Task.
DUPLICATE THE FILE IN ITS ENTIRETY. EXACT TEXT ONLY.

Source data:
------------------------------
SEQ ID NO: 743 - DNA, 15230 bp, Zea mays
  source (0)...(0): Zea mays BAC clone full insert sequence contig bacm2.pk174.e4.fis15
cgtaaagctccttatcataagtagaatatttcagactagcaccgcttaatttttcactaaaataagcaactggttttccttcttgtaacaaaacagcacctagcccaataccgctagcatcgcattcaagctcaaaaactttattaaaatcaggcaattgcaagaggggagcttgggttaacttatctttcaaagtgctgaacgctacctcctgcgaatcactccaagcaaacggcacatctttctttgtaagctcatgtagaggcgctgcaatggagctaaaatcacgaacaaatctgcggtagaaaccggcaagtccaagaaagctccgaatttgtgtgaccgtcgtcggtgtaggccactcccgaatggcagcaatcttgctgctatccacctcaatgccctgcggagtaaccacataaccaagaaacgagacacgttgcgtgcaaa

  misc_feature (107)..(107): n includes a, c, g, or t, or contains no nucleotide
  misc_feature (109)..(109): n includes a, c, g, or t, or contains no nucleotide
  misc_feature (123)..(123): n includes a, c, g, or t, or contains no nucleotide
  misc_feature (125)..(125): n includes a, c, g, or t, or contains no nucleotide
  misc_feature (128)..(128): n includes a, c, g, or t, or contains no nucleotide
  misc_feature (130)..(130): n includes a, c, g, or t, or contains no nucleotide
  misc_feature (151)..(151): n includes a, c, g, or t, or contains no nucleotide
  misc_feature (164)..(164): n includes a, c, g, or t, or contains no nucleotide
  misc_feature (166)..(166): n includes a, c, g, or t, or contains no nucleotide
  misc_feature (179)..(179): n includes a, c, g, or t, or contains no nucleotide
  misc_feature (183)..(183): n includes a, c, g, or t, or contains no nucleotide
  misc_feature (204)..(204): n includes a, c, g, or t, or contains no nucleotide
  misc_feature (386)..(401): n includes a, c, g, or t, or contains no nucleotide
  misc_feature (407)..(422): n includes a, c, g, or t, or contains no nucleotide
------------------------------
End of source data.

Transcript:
SEQ ID NO: 743 - DNA, 15230 bp, Zea mays
  source (0)...(0): Zea mays BAC clone full insert sequence contig bacm2.pk174.e4.fis15
cgtaaagctccttatcataagtagaatatttcagactagcaccgcttaatttttcactaaaataagcaactggttttccttcttgtaacaaaacagcacctagcccaataccgctagcatcgcattcaagctcaaaaactttattaaaatcaggcaattgcaagaggggagcttgggttaacttatctttcaaagtgctgaacgctacctcctgcgaatcactccaagcaaacggcacatctttctttgtaagctcatgtagaggcgctgcaatggagctaaaatcacgaacaaatctgcggtagaaaccggcaagtccaagaaagctccgaatttgtgtgaccgtcgtcggtgtaggccactcccgaatggcagcaatcttgctgctatccacctcaatgccctgcggagtaaccacataaccaagaaacgagacacgttgcgtgcaaa

  misc_feature (107)..(107): n includes a, c, g, or t, or contains no nucleotide
  misc_feature (109)..(109): n includes a, c, g, or t, or contains no nucleotide
  misc_feature (123)..(123): n includes a, c, g, or t, or contains no nucleotide
  misc_feature (125)..(125): n includes a, c, g, or t, or contains no nucleotide
  misc_feature (128)..(128): n includes a, c, g, or t, or contains no nucleotide
  misc_feature (130)..(130): n includes a, c, g, or t, or contains no nucleotide
  misc_feature (151)..(151): n includes a, c, g, or t, or contains no nucleotide
  misc_feature (164)..(164): n includes a, c, g, or t, or contains no nucleotide
  misc_feature (166)..(166): n includes a, c, g, or t, or contains no nucleotide
  misc_feature (179)..(179): n includes a, c, g, or t, or contains no nucleotide
  misc_feature (183)..(183): n includes a, c, g, or t, or contains no nucleotide
  misc_feature (204)..(204): n includes a, c, g, or t, or contains no nucleotide
  misc_feature (386)..(401): n includes a, c, g, or t, or contains no nucleotide
  misc_feature (407)..(422): n includes a, c, g, or t, or contains no nucleotide